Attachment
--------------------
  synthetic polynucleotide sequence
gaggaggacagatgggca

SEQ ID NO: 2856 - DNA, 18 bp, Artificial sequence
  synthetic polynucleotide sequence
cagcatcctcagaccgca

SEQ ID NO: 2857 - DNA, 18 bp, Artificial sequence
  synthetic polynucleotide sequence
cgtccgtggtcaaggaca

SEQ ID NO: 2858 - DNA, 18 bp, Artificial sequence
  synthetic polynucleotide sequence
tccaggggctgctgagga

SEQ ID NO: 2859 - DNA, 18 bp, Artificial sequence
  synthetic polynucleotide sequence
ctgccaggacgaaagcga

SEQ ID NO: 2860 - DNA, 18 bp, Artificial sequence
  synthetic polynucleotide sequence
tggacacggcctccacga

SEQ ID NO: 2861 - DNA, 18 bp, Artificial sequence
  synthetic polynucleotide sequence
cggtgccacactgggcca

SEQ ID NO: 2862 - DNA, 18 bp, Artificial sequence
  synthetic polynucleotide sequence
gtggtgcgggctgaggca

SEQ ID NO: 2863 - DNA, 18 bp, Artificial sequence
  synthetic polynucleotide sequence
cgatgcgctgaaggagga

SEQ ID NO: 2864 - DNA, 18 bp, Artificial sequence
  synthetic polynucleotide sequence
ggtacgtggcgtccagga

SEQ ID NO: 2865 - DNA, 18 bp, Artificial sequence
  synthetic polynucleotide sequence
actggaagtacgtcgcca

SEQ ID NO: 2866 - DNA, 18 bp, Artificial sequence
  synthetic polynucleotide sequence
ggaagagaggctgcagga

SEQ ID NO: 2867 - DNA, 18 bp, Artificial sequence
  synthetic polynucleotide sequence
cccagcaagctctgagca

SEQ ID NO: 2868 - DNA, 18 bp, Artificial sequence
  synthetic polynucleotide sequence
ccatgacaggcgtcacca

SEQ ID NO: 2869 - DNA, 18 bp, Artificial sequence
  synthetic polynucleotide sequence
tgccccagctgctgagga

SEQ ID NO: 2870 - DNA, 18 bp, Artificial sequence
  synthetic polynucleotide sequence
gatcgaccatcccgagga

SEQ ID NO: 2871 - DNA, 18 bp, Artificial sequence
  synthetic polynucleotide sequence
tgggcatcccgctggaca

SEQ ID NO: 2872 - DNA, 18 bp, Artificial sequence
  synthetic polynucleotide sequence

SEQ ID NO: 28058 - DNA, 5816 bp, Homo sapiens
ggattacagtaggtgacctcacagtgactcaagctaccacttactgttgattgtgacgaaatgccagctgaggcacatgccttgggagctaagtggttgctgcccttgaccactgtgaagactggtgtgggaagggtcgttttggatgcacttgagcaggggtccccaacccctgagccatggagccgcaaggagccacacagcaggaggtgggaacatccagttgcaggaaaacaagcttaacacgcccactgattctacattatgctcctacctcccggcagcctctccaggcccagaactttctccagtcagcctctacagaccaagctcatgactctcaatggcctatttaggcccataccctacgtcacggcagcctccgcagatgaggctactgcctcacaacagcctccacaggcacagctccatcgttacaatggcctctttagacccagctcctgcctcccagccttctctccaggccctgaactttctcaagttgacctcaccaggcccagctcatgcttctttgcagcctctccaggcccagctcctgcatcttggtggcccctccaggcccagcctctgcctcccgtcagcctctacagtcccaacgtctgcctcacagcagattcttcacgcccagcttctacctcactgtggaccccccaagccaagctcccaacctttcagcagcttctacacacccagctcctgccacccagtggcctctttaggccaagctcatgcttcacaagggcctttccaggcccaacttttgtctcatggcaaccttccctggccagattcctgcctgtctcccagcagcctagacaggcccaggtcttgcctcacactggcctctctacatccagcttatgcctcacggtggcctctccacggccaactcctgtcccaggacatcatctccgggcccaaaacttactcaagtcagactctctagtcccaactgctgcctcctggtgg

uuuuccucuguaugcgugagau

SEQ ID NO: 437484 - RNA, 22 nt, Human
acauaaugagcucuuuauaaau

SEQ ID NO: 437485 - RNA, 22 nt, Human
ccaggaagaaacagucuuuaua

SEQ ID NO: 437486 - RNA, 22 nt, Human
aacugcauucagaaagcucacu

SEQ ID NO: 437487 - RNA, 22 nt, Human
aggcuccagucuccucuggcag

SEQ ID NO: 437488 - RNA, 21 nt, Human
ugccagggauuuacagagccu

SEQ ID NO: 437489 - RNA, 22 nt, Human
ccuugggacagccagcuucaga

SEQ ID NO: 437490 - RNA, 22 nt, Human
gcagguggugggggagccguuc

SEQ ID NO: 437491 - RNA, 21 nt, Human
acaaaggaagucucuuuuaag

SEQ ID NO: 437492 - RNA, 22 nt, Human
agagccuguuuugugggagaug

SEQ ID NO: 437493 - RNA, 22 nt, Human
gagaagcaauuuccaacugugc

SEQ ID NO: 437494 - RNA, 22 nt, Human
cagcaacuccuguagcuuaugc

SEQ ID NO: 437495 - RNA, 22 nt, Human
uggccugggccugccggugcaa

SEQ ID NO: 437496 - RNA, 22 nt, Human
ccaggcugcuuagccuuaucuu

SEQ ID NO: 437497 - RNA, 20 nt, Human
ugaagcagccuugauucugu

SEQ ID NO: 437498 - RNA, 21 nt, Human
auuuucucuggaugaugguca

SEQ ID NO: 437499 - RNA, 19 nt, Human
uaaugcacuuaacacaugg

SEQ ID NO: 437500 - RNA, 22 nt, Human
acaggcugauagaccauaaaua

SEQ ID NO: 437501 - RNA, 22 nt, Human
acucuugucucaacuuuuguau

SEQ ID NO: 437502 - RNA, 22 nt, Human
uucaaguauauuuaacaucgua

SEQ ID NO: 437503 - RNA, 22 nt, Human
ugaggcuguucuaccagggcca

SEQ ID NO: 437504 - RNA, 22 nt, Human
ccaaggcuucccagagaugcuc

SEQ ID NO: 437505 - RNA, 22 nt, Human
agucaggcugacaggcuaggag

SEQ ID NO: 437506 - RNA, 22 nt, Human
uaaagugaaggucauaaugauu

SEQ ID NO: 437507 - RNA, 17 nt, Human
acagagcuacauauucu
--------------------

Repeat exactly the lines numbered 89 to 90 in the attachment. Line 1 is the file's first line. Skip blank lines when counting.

acaggcugauagaccauaaaua

SEQ ID NO: 437501 - RNA, 22 nt, Human